SALT LAKE CITY — The holiday season is in full swing and many turn to gratitude to help overcome the stress and anxiety that the COVID-19 pandemic has brought.
Dr. Matt Woolley, a Clinical psychologist for the University of Utah and cohost of the ‘Project Recovery’ podcast, recently spoke about gratitude and how we can use it to get closer to the ones we love.
Appreciate the little things
Studies have shown that over 90% of American teens and adults indicated that expressing gratitude made them “extremely happy” or “somewhat happy”.
This perception of happiness after showing gratitude is all part of the cognitive patterns that we use to process emotions. Just thinking about gratitude can have a dramatic impact on how you live your life according to Dr. Woolley.
“One of the things that [psychologists] talk a lot about is this cognitive pattern of thoughts, feelings, and behaviors. How I think about things has a huge impact on how I feel and those feelings, that state of emotion, has a huge impact on what I do,” he said.
When you identify what you’re grateful for it can have a dramatic effect on your emotions.
“When you are thinking grateful thoughts … it changes your emotions. Your emotions become positive optimistic, you feel more love and appreciation,” Dr. Woolley said.
One way to reinforce that appreciation is to write a gratitude letter.
Write a gratitude letter
“It’s a pretty emotional experience for most people but in a good way. So you have to be prepared for some pretty intense positive emotions,”
“If you were to sit down and think about someone in your life … that you are grateful for, I’d like to you sit down and 5-10 reasons why you’re grateful for that person,”
Once you’ve sat down with your reason, you just write them a letter. Yes, an actual letter using a pen and paper. You then lay out all of the reasons why you’re grateful for that person. You can list the reasons why they have a positive impact on your life or how they inspire you to be a better person.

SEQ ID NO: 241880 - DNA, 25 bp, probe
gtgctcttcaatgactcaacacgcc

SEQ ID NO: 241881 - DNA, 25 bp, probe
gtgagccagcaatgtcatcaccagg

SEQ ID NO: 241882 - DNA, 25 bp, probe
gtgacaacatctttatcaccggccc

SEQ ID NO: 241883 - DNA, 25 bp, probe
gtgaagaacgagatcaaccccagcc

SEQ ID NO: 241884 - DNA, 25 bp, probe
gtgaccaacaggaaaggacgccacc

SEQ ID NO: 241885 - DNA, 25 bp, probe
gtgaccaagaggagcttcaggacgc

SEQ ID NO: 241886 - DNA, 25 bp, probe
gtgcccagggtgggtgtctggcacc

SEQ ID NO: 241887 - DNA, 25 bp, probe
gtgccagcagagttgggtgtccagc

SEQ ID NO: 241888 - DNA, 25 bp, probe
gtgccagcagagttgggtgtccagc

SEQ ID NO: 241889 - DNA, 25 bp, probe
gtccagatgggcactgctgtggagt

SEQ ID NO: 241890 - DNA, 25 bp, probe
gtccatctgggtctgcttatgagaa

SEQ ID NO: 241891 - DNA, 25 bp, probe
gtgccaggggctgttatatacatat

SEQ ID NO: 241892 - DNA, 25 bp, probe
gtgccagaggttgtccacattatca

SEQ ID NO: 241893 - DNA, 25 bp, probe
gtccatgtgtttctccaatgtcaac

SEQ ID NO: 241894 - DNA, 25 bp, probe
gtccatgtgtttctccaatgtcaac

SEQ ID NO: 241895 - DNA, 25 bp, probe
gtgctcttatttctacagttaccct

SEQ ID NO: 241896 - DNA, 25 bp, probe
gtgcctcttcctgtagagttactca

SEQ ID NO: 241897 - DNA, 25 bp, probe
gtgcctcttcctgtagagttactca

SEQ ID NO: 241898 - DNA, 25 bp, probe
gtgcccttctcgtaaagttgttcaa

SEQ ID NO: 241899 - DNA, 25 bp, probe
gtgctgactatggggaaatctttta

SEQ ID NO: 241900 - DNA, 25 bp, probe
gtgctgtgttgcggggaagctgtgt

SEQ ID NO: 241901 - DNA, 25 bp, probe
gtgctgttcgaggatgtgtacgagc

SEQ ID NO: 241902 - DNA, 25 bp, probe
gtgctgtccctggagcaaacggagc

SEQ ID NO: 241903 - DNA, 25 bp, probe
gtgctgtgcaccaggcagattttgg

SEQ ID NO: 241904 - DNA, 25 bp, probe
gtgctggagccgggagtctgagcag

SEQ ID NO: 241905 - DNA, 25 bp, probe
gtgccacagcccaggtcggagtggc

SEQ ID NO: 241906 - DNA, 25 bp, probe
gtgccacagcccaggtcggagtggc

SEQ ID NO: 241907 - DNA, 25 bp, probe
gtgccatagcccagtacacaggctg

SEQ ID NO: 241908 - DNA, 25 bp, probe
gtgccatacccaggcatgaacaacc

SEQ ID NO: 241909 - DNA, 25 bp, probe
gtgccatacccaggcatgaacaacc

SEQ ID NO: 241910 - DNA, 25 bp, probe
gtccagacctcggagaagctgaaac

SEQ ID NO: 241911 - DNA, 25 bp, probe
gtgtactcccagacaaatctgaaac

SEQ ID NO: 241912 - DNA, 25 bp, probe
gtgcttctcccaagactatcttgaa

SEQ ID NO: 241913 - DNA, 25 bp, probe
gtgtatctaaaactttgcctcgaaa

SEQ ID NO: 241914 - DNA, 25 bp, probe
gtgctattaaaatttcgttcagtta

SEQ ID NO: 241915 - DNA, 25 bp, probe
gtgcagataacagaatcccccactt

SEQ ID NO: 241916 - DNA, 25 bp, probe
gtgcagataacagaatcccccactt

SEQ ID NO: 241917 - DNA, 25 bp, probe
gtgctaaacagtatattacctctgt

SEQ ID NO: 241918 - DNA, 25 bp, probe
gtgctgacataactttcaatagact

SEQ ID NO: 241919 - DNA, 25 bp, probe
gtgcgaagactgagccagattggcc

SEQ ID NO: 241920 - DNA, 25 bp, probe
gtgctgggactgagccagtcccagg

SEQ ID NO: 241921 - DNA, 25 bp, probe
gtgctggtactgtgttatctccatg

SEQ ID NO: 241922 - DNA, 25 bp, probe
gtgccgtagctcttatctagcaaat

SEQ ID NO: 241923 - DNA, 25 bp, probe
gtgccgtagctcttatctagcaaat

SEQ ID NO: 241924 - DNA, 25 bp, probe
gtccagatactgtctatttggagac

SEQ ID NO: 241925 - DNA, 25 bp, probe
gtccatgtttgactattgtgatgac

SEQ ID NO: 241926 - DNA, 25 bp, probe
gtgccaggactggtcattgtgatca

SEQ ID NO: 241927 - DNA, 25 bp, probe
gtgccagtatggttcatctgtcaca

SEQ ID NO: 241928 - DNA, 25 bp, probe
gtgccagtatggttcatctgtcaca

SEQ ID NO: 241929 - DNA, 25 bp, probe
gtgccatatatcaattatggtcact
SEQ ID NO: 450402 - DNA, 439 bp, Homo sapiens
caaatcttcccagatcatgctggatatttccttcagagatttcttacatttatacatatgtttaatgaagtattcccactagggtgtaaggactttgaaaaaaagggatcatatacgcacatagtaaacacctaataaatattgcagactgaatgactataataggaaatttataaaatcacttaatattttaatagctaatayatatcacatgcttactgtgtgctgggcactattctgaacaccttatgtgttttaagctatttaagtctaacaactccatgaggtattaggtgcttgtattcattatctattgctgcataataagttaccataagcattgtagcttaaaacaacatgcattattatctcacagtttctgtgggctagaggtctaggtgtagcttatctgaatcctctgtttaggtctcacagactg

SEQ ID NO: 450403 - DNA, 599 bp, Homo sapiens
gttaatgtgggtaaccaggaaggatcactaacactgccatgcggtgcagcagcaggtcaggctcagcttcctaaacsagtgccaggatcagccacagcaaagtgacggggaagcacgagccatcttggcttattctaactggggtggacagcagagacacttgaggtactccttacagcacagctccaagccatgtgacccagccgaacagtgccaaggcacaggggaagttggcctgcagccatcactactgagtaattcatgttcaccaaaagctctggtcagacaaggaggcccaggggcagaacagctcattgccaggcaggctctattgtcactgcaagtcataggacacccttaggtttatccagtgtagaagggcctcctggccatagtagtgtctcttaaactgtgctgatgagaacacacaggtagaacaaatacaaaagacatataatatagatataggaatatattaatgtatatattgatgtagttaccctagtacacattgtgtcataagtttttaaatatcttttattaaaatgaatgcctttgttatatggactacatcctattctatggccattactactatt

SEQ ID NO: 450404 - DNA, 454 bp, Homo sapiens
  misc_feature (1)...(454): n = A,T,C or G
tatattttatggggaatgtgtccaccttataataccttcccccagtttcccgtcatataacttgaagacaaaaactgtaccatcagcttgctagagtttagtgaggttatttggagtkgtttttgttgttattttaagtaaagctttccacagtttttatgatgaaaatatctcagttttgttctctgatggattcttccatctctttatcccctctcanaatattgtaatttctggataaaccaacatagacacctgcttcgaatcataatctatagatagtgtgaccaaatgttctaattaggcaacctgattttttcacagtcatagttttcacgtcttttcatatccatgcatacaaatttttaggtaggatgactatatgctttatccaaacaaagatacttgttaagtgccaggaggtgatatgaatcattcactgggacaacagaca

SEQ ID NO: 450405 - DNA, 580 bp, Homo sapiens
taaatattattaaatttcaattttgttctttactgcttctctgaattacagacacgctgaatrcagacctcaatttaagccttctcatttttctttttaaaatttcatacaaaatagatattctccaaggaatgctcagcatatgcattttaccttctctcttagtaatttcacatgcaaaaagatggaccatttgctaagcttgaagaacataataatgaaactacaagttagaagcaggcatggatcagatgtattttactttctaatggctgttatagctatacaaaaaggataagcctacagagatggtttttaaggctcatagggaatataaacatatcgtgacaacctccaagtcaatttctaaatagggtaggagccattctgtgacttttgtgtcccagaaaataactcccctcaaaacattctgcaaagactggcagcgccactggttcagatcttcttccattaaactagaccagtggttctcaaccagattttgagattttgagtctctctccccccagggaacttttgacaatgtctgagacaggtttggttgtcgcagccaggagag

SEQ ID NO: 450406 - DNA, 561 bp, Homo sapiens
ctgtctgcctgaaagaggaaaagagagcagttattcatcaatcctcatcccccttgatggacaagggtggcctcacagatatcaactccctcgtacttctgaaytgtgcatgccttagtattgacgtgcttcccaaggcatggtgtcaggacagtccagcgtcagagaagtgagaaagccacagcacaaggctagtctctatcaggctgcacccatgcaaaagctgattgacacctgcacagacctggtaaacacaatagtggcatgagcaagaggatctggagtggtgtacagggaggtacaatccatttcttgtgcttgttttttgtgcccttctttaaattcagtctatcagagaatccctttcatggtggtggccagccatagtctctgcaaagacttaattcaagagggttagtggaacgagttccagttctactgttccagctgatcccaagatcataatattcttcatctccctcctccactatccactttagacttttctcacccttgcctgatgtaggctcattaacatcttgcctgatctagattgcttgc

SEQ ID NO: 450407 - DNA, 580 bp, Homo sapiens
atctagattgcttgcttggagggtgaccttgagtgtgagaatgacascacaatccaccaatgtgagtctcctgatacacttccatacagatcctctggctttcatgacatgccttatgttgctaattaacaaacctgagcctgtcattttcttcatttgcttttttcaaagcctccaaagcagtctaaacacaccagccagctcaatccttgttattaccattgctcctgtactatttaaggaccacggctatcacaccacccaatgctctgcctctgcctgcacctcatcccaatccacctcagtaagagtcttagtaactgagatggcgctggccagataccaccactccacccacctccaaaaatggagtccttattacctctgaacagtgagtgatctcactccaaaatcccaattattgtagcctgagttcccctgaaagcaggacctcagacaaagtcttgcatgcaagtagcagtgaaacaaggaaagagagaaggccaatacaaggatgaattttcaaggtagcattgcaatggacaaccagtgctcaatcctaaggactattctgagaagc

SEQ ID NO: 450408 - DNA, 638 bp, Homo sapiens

Then you just give them the letter. One of the most emotional steps though is to read it out loud yourself.
According to Dr. Woolley, this is one of the hardest steps of the letter. But it also opens up the dialogue to discuss how everyone truly feels.
“Research shows us that if you had a good relationship with this person in the past, it’s going to be even better for the rest of your life,” he added. “If you’ve never done this it’s a tremendous experience.”
When we look back on the tumultuous events of 2020, maybe we all could use a little more gratitude in our lives says Dr. Woolley.
“Gratitude is something that we should really strive to purposefully do in our life. There’s a lot of things to not be grateful for,” Dr. Woolley said. “Or you can redial in on the things you’re grateful for in your life, the people you’re grateful for in your life, and realize that that really outweighs the negative.”
To learn more about gratitude, listen to the Project Recovery podcast
For more information on opioid prevention or if you or someone you know is struggling, you can find more information on Facebook, KSL TV, or Know Your Script. To hear more from Casey Scott and Dr. Matt Woolley, you can listen below or subscribe to the ‘Project Recovery’ podcast on Apple Podcasts or wherever you get major podcasts.
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